There is no doubt that Apple has been working on developing in-display fingerprint sensor technology. Apple tries many different things, many of which never see the light of day. We may never know full details as to why in-display Touch ID hasn’t become a thing, but the most likely answer is that it simply didn’t meet Apple’s standards for reliability, performance, or cost.
Face ID is the future
Face ID wasn’t just a compromise to get rid of the home button on the redesigned iPhone X. After all, Apple could easily have found another place to put the Touch ID sensor.
Instead, Face ID was Apple’s way of ushering in the next generation of iPhones. The iPhone X didn’t just look different; It changed the game in many other ways, from the TrueDepth camera that powers Face ID and Animoji to an all-new gesture-based UI.
Unlike the weaker facial recognition systems of competing smartphones, which can be fooled by a photo, Face ID was designed to be highly secure by using an infrared scanner to create a three-dimensional depth map of the user’s face. Face ID can sometimes mistake close family members for similar looks — a random issue Apple acknowledges — but it’s significantly more difficult to intentionally trick Face ID. The folks at Wired have invested thousands of dollars and hours into making professional-grade face masks to fool Face ID.
That’s a lot harder to circumvent than Touch ID, which can be fooled by creating a nifty latex mold from a person’s fingerprint. But that’s not for the faint of heart either. When you’re dealing with people trying so hard to get into your iPhone, it’s fair to say you’ve got problems that consumer technology wasn’t designed to solve.
Apple has invested heavily in its Face ID system and continues to do so. One of the most compelling arguments for adding Touch ID to modern iPhones came during the COVID-19 pandemic when people were masking themselves. Apple’s solution was not to resort to Touch ID, but to make Face ID even better.
Today, people with any Face ID-equipped iPhone can use their Apple Watch to unlock their iPhone while masked, and those with an iPhone 12 or later don’t even need an Apple Watch, thanks to improvements introduced in iOS earlier this year were made 15.4. While masks are no longer mandatory in many places, these functions are still a boon for people in healthcare and other occupations where dressing up is part of the job.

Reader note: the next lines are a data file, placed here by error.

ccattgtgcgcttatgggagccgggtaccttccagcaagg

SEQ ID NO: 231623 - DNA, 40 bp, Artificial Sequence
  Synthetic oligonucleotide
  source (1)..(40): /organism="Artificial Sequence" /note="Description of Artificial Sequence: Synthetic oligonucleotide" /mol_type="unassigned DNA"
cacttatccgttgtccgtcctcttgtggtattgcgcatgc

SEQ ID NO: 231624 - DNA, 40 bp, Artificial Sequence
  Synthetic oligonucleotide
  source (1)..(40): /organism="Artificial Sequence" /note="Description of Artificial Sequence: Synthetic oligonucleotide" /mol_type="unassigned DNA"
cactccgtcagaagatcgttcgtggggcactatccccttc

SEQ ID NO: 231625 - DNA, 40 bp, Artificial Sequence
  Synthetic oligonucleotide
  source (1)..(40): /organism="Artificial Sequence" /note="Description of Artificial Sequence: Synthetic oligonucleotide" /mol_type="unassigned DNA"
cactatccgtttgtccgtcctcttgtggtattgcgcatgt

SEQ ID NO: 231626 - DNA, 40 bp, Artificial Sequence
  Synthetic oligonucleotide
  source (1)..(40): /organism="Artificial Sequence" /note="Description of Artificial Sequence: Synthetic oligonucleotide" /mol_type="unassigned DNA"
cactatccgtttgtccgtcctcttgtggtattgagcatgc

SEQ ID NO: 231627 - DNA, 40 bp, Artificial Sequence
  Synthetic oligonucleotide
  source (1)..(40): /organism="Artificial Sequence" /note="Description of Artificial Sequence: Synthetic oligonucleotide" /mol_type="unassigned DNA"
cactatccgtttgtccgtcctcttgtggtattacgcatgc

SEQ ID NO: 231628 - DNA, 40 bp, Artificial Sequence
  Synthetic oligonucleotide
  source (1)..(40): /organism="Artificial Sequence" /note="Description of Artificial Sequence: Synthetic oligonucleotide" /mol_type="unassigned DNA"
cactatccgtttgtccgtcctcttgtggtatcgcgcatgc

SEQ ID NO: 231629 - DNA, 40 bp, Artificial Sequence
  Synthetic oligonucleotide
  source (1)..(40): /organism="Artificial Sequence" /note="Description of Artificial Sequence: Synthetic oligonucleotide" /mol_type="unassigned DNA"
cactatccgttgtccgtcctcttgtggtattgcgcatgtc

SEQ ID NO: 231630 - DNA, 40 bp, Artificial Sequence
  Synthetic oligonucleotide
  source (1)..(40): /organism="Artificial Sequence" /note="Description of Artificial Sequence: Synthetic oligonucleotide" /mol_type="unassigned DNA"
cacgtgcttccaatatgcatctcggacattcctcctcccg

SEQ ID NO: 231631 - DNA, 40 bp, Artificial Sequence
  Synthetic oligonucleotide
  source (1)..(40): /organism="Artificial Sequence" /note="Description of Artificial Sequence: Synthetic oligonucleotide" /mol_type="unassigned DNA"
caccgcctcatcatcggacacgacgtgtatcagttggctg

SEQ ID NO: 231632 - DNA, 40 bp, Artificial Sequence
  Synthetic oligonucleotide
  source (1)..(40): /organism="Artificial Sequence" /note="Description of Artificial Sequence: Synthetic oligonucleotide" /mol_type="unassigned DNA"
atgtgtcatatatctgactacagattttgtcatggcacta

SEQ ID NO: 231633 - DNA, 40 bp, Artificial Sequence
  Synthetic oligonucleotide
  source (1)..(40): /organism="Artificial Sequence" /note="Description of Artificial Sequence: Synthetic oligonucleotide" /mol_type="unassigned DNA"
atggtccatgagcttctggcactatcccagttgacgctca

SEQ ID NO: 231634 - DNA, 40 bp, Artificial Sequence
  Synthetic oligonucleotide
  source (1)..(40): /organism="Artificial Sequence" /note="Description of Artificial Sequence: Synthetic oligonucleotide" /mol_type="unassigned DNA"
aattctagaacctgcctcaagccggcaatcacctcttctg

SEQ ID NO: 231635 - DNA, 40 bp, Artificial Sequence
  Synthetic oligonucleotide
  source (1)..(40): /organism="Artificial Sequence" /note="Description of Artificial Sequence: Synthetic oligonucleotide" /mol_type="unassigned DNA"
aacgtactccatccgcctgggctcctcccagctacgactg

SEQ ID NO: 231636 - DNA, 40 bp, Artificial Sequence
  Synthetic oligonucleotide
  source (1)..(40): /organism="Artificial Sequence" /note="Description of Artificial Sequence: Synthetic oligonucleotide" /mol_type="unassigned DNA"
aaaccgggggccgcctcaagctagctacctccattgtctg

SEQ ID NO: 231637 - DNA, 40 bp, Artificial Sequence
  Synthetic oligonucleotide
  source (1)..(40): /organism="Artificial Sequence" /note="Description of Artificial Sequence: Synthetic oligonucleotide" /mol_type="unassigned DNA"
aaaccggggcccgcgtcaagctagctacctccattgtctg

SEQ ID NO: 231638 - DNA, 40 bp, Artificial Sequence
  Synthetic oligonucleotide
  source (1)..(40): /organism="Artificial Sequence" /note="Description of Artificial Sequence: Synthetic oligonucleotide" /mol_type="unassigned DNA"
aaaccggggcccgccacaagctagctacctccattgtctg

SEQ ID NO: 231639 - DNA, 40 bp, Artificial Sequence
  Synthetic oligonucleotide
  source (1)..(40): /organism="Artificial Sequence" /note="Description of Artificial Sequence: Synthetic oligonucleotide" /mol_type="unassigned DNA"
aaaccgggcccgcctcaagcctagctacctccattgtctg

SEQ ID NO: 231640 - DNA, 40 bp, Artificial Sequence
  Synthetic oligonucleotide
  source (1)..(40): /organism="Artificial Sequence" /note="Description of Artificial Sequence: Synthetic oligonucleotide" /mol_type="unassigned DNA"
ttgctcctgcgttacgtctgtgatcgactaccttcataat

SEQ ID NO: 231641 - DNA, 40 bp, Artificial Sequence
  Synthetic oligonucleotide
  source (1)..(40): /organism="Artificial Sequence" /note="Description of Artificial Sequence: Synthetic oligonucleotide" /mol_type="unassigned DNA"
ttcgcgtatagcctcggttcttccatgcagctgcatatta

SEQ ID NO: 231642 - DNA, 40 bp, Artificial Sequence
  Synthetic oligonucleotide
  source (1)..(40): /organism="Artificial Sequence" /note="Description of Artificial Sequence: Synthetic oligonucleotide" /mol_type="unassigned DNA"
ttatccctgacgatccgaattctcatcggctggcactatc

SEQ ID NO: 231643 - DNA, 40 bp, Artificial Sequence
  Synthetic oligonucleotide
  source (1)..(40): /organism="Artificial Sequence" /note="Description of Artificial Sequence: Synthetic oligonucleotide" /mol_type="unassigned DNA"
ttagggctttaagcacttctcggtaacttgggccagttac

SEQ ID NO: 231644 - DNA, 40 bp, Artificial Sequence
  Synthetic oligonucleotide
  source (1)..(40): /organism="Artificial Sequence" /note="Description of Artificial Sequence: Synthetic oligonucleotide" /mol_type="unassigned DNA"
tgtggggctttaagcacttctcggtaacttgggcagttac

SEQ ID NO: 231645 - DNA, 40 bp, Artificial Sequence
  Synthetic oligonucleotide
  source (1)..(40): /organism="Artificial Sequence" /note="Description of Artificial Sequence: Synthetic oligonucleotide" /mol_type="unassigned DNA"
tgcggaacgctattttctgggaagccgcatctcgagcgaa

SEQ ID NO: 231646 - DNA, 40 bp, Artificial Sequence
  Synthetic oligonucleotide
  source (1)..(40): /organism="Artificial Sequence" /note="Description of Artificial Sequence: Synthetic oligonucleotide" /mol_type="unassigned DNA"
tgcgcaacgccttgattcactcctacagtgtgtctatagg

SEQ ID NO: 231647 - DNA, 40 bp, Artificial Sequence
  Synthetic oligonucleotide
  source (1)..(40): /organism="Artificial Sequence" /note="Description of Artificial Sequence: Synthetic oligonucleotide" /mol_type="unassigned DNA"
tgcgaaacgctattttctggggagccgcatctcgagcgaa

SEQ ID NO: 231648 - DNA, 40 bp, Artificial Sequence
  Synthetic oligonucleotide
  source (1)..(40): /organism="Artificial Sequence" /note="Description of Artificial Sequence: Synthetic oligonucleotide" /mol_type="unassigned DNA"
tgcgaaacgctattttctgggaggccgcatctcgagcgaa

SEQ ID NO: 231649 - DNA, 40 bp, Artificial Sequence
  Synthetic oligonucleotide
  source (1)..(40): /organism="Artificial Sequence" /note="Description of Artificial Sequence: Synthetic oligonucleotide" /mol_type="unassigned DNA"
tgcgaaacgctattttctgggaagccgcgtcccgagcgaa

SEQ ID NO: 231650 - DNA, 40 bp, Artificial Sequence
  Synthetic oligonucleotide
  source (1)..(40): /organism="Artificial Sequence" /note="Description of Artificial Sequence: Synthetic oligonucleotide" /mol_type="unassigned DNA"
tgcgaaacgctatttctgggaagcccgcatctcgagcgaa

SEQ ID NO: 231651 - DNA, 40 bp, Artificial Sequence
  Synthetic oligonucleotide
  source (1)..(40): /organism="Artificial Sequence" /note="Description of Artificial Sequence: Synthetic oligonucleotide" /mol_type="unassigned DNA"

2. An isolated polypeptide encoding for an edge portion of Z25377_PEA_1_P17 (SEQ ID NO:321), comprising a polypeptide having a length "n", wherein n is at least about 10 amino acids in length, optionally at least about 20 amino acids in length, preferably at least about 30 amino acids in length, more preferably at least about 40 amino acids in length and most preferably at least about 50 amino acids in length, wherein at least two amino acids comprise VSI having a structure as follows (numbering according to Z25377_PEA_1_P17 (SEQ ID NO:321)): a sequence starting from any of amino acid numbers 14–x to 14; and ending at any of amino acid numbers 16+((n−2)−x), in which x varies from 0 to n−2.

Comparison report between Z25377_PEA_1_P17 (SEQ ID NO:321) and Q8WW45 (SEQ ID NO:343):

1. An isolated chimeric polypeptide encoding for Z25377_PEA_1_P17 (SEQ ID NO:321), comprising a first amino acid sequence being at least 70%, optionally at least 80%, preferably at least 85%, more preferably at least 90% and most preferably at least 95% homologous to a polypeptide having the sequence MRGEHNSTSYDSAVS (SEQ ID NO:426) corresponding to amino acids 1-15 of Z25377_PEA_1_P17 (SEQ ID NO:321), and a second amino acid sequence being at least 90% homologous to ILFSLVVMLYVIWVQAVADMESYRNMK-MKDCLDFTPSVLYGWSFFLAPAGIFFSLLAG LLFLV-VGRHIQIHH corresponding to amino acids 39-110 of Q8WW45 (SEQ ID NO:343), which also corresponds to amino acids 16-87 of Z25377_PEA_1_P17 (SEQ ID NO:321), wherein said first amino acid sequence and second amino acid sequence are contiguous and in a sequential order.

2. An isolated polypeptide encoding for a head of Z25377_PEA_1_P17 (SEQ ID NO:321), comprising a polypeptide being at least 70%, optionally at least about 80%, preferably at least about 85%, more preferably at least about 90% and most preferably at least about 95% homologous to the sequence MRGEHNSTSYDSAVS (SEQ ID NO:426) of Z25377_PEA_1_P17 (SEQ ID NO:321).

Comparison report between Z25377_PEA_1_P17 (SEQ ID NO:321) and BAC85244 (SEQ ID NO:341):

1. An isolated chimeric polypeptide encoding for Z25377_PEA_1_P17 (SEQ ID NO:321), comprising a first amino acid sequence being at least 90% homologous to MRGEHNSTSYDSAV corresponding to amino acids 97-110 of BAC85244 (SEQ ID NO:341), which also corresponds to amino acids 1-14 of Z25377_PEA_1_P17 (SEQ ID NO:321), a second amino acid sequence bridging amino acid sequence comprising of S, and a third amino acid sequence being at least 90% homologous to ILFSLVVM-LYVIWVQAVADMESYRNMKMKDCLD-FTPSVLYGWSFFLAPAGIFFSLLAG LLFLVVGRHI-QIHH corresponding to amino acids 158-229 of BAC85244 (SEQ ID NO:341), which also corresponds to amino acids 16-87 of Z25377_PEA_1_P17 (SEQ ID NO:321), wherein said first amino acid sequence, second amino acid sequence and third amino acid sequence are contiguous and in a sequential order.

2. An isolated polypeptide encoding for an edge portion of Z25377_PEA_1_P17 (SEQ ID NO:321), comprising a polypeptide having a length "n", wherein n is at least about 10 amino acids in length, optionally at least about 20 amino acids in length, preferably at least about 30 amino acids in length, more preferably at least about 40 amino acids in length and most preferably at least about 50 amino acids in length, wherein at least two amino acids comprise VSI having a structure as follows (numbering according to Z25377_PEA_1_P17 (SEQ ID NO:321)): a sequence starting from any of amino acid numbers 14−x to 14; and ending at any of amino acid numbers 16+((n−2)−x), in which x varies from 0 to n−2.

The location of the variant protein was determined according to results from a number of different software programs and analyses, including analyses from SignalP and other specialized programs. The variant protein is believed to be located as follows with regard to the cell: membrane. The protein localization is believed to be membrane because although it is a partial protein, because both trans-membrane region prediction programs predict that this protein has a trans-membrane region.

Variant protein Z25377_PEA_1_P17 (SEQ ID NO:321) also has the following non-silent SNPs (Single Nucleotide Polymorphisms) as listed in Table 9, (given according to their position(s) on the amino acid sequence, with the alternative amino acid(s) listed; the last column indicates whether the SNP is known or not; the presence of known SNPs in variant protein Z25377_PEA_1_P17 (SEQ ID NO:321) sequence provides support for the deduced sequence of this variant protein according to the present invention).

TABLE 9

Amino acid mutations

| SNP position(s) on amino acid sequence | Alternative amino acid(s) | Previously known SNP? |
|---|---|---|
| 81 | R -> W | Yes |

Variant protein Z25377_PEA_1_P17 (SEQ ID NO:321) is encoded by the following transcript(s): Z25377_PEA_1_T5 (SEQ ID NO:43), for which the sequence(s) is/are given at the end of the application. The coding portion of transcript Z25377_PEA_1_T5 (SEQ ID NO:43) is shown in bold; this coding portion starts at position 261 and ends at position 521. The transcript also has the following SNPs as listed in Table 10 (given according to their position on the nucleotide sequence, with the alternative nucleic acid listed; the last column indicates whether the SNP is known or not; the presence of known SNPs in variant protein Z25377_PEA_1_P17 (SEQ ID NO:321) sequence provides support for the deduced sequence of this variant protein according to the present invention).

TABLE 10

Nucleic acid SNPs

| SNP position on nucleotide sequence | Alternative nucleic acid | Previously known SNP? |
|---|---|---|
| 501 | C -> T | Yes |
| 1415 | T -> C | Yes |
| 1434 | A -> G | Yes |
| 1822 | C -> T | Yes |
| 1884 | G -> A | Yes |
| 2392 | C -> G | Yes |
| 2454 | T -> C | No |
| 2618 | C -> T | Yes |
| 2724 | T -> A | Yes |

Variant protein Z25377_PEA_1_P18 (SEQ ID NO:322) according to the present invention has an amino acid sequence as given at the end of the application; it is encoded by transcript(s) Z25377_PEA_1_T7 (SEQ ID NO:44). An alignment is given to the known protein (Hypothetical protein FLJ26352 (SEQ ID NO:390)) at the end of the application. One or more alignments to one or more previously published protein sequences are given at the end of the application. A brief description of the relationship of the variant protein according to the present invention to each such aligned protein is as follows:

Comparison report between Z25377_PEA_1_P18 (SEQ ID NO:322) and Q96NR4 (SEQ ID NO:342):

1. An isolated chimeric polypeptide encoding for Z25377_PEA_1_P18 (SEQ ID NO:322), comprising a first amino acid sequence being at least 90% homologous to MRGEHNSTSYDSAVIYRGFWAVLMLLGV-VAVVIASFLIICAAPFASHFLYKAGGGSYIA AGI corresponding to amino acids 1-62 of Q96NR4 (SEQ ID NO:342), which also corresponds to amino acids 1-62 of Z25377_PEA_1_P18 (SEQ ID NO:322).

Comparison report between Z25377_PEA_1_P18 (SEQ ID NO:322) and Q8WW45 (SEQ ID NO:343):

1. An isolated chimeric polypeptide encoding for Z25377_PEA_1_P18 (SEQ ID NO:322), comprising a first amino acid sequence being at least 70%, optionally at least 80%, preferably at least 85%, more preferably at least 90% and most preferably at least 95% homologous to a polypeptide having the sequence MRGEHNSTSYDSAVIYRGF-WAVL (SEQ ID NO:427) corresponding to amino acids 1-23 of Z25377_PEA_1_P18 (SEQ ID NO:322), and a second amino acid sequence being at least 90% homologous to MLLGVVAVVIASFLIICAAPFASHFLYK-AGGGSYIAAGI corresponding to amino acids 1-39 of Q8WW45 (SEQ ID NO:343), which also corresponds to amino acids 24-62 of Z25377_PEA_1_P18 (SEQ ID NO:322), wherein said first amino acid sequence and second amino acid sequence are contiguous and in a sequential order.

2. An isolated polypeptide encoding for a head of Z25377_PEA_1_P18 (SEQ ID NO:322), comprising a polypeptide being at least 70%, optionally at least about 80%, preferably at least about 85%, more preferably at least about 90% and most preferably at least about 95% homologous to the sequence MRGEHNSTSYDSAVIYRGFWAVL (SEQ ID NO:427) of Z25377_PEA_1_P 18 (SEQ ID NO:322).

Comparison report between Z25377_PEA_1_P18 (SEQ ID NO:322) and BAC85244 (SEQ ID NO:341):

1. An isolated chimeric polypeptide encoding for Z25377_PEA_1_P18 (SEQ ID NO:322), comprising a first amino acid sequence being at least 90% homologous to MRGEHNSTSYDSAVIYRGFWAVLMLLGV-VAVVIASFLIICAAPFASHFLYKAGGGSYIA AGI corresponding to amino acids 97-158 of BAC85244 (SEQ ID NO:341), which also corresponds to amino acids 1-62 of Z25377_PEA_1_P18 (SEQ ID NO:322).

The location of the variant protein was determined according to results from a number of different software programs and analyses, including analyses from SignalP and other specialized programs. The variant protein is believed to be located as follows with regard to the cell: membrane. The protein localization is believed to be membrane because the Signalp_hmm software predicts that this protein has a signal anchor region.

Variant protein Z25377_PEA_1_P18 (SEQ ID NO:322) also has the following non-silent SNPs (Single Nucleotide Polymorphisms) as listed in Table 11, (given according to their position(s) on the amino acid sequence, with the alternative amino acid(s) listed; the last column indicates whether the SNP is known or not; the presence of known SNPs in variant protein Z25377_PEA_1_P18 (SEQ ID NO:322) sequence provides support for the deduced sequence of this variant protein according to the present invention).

Still want a fingerprint sensor? Try this iPhone instead
Face ID is an excellent way to authenticate yourself to your iPhone. It’s practically invisible most of the time, working in the background to unlock apps and autofill passwords from iCloud Keychain. In fact, Face ID is so seamless that Apple requires you to double-click the home button when using Apple Pay or purchasing apps, otherwise it would be too easy to accidentally spend money.
Still, Face ID isn’t for everyone, and there are still situations where Touch ID is more convenient. This is especially true if you want to unlock your iPhone without looking at it, such as when making contactless payments with Apple Pay. As wonderful as the new mask-aware Face ID features are, they still don’t work through full-face masks, ski goggles, or polarized sunglasses.
Thankfully, Apple’s wallet-friendly iPhone SE still includes Touch ID, along with the classic home button design used by older iPhone models. This works as always, with the Touch ID sensor in the home button, and the current third-gen iPhone SE has an A15 chip that’s nearly identical to that found in this year’s iPhone 14.
It’s also likely that future iPhone SE models will continue to support Touch ID, at least for the next few years. The iPhone SE is all about affordability, and the cameras and sensors that power Face ID are expensive. Even if Apple eventually moves to an edge-to-edge screen design and eliminates the home button, the iPhone SE will likely follow in the footsteps of the iPad Air and move the Touch ID sensor to the side button.